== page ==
• The third, and perhaps most important, is that we should all be doing it because it’s the right thing to do. 

Bringing down barriers: Tips for being more accessible

The first step you need to take is to put accessibility at the heart of your business model, including how you develop your online presence. Thinking about how to improve the user experience lies at the heart of any successful site. 

The measures that you should include right now if your site isn’t already compliant with WCAG 2.1 are relatively simple. Some ensure that your website works with a device that may be using assistive technology such as a screen reader, some of the changes you can make are just plain common sense. 

1. Using alt-tags with images

Alt-tags are snippets of code that describe an image. If you are using a screen-reader because you have a visual impairment this is really important because that description is used in place of viewing the image. 

Make sure that you give a full description when you organise your alt-tags. An added advantage is that this can also improve SEO. 

2. Improving tables

One thing that screen readers have difficulty with is tables. If you have them on your site, the resulting translation can be confusing for users if you don’t use tools like caption tags. It’s important to test online assets such as this to make sure they work for everyone.

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3. Simple fonts

It’s also important to look at something as simple as your choice of font. Bolder, bigger font sizes can be created using local changes on the device that is being used. 

Flowery fonts that are difficult to read can be troublesome, however, not only for people with visual impairment but those who suffer from reading difficulties such as dyslexia. Breaking text into smaller paragraphs and shorter, simpler sentences can also make a big difference.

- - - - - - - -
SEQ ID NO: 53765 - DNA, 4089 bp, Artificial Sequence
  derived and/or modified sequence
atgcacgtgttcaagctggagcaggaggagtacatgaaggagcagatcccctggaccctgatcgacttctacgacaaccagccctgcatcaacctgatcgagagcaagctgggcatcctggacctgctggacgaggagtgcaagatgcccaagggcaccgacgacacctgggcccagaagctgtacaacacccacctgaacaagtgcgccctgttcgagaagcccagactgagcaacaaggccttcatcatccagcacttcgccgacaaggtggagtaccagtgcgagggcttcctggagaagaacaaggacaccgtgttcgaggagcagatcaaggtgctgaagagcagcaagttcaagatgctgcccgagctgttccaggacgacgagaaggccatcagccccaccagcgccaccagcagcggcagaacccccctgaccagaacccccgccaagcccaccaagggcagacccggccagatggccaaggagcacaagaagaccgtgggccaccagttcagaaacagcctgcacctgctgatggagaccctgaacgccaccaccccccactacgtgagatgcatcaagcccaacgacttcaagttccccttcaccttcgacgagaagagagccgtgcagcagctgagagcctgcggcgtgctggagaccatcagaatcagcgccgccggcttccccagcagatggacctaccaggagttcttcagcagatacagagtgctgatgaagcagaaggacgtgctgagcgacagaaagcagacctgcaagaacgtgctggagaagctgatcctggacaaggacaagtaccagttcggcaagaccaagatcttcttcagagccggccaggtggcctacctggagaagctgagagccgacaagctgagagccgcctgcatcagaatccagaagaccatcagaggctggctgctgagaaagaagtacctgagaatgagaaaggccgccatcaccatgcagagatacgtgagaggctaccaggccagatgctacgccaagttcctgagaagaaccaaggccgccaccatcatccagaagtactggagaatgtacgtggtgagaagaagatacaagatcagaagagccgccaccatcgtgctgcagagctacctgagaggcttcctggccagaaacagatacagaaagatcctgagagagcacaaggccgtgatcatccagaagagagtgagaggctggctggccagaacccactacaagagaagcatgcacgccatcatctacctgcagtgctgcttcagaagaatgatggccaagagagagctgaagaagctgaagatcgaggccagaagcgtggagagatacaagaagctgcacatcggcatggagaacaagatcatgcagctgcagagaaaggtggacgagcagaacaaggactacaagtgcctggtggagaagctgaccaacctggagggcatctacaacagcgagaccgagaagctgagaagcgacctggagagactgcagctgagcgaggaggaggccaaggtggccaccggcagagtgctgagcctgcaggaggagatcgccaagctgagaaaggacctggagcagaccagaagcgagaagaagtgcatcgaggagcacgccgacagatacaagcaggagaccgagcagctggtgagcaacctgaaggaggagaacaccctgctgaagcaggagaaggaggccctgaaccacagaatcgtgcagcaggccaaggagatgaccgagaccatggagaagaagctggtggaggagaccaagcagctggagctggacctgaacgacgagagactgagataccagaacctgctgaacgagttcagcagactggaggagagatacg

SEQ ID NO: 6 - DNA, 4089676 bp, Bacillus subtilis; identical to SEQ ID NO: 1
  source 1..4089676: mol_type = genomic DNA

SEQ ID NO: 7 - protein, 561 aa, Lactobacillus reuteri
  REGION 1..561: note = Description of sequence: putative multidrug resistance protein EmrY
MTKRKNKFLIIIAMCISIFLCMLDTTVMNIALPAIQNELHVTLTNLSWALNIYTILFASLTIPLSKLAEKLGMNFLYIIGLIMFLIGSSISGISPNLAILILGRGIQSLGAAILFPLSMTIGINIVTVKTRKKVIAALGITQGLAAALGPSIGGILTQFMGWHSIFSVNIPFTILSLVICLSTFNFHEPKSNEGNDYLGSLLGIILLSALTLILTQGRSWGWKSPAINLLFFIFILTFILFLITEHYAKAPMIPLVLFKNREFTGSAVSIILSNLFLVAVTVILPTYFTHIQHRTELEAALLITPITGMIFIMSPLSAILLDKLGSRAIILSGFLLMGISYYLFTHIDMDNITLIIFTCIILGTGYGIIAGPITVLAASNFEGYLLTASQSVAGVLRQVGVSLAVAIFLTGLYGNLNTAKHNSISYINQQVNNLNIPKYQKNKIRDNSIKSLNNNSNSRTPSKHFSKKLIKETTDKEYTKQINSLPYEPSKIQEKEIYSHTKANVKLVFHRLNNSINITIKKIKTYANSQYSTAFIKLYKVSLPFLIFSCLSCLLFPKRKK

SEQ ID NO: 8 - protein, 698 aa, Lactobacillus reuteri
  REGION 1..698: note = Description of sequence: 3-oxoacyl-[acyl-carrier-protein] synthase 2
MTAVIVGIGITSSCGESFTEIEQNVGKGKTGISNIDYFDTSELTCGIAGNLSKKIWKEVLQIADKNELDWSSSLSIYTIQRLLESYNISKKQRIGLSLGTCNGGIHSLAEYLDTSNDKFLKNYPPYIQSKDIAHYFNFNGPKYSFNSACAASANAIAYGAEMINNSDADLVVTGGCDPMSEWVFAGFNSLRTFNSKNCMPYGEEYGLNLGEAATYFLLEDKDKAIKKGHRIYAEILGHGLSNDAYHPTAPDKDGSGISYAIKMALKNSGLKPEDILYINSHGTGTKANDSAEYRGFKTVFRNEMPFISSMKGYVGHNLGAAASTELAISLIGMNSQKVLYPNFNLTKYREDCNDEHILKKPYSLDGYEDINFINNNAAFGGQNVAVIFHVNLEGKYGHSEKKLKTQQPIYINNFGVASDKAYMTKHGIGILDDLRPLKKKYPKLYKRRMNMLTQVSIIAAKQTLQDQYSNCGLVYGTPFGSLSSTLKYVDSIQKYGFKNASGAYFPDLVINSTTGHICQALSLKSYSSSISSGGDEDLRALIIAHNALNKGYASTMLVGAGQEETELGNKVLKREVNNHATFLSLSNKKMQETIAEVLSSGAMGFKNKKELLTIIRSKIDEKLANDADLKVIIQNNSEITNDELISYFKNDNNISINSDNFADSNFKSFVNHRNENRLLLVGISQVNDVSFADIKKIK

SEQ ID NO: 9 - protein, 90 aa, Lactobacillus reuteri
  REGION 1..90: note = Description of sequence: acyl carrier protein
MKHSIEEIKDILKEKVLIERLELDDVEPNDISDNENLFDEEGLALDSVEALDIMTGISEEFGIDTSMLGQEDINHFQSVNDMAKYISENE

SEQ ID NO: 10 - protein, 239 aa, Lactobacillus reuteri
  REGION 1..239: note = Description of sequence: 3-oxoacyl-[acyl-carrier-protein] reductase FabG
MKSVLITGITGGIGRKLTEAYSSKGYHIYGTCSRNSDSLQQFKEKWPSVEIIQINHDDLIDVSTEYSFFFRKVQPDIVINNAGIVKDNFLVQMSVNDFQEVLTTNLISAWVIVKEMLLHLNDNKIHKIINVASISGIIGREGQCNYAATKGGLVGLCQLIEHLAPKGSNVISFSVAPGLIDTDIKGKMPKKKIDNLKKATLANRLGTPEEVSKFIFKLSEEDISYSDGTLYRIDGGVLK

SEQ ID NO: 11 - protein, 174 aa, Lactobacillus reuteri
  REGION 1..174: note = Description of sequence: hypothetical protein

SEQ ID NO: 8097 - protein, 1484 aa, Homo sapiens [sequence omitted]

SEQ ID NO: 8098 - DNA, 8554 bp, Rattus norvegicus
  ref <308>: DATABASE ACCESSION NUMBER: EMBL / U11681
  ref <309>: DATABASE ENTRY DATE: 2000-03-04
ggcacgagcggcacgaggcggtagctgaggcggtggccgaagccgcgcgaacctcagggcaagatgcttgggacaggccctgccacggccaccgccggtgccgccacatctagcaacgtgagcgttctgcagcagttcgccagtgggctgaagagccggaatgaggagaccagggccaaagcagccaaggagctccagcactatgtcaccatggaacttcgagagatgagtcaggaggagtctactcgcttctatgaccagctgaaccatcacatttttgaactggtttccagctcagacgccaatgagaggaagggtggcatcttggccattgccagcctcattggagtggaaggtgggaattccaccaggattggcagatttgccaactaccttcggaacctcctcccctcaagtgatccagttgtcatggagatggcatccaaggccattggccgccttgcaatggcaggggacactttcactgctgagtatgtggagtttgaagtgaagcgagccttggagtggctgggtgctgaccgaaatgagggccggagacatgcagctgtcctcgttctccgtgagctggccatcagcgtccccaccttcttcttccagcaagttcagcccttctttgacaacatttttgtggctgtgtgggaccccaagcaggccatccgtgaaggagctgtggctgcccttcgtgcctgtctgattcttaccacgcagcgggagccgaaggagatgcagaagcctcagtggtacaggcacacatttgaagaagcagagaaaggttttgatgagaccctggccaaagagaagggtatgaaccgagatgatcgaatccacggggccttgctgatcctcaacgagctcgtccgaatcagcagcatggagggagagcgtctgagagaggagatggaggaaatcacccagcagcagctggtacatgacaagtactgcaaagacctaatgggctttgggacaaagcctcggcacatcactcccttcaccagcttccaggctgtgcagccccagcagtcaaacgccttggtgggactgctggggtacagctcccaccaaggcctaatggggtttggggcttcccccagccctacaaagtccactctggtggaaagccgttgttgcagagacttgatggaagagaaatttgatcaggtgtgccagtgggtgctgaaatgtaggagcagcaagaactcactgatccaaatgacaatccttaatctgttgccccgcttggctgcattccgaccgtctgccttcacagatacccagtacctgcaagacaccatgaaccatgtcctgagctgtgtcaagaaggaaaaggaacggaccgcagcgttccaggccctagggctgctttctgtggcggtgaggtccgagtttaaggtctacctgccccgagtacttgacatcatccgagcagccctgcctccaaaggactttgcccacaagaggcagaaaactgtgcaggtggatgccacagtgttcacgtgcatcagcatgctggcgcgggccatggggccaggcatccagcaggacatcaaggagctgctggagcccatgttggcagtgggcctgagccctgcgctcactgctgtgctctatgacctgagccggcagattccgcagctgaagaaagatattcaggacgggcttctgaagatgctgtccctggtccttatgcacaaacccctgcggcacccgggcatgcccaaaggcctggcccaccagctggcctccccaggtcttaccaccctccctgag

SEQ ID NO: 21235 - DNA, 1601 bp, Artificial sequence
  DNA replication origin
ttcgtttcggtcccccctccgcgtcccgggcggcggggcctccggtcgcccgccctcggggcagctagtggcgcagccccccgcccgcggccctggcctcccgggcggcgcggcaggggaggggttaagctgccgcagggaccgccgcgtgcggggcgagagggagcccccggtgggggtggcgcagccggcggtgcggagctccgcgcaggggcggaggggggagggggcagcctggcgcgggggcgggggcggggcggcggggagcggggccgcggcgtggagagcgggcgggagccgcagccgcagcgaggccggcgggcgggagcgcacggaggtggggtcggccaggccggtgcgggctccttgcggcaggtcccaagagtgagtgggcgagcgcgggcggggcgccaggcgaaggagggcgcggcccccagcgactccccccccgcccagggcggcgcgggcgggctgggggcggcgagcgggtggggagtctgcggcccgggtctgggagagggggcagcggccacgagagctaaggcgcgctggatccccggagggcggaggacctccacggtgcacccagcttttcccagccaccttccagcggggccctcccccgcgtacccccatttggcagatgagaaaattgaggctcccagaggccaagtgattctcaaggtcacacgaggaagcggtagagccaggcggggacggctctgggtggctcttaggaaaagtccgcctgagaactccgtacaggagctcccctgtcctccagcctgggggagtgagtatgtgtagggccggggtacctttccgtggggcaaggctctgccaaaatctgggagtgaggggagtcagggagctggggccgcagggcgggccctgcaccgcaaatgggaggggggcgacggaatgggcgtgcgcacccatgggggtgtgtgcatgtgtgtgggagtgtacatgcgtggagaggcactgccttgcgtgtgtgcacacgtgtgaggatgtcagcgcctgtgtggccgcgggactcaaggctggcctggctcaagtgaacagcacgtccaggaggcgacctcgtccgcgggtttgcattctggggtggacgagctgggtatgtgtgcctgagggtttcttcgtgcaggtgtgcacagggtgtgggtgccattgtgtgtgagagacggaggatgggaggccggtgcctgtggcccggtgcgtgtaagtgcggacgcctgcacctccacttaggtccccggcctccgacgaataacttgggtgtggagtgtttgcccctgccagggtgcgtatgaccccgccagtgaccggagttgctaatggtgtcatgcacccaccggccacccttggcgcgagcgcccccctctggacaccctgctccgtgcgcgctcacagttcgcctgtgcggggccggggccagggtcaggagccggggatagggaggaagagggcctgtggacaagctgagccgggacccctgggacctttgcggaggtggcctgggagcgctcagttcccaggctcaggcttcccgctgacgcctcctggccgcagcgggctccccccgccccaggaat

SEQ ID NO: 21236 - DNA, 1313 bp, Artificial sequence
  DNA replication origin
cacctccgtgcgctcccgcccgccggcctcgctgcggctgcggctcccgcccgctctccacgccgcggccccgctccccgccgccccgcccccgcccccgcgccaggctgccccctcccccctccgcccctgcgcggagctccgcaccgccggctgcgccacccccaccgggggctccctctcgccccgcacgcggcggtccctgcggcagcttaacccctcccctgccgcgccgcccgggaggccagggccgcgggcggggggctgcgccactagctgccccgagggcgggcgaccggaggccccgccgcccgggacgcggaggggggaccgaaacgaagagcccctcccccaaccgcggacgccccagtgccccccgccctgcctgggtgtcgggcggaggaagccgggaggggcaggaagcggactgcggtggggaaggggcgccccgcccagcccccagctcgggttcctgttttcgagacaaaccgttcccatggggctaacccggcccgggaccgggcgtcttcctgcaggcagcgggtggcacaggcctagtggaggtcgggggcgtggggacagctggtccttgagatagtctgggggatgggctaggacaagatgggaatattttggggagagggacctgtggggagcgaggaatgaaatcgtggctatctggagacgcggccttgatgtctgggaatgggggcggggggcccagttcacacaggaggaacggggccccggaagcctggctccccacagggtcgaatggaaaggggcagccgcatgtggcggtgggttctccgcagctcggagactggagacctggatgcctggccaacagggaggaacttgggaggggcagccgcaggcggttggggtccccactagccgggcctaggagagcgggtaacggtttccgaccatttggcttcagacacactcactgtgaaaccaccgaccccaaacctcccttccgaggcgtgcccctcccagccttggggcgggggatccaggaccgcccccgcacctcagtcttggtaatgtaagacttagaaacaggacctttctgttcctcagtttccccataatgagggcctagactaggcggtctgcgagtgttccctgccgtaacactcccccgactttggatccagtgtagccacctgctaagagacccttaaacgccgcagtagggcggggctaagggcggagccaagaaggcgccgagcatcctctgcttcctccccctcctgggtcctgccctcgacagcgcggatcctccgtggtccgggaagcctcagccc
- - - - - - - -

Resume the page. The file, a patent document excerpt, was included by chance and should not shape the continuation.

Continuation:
4. Make your site keyboard friendly

Some people can’t use a mouse or keep their hand’s steady when using a laptop touchpad. Ensuring that your keyboard can be used to navigate your site is important, as is making sure you are compatible with software such as speech recognition programs. 

5. Keep navigation simple

It’s important, not just for accessibility, to keep your navigation constant across all pages and simple to understand. It can make things difficult for accessibility programs if you change things like icon design or have drop-down menus on one page and not another. 

6. Add captions to media

Video is becoming more and more popular both on websites and on social media and sites like YouTube. Some 11 million people in the UK have a hearing impairment, however, and may not be able to listen to your content. Including captions and subtitles can make a big difference to their engagement.

Making your website accessible

These are just a few of the ways you can improve accessibility to your website and they’re relatively simple to implement. 

If you are not sure that you currently have all the right building blocks in place for great accessibility, it is useful to give your site an audit to see where you stand and what changes you can make. 

At Creative.onl, we’re here to help you improve the accessibility of your site, opening up a whole new audience for your products or services. If you’d like to find out more, contact us today.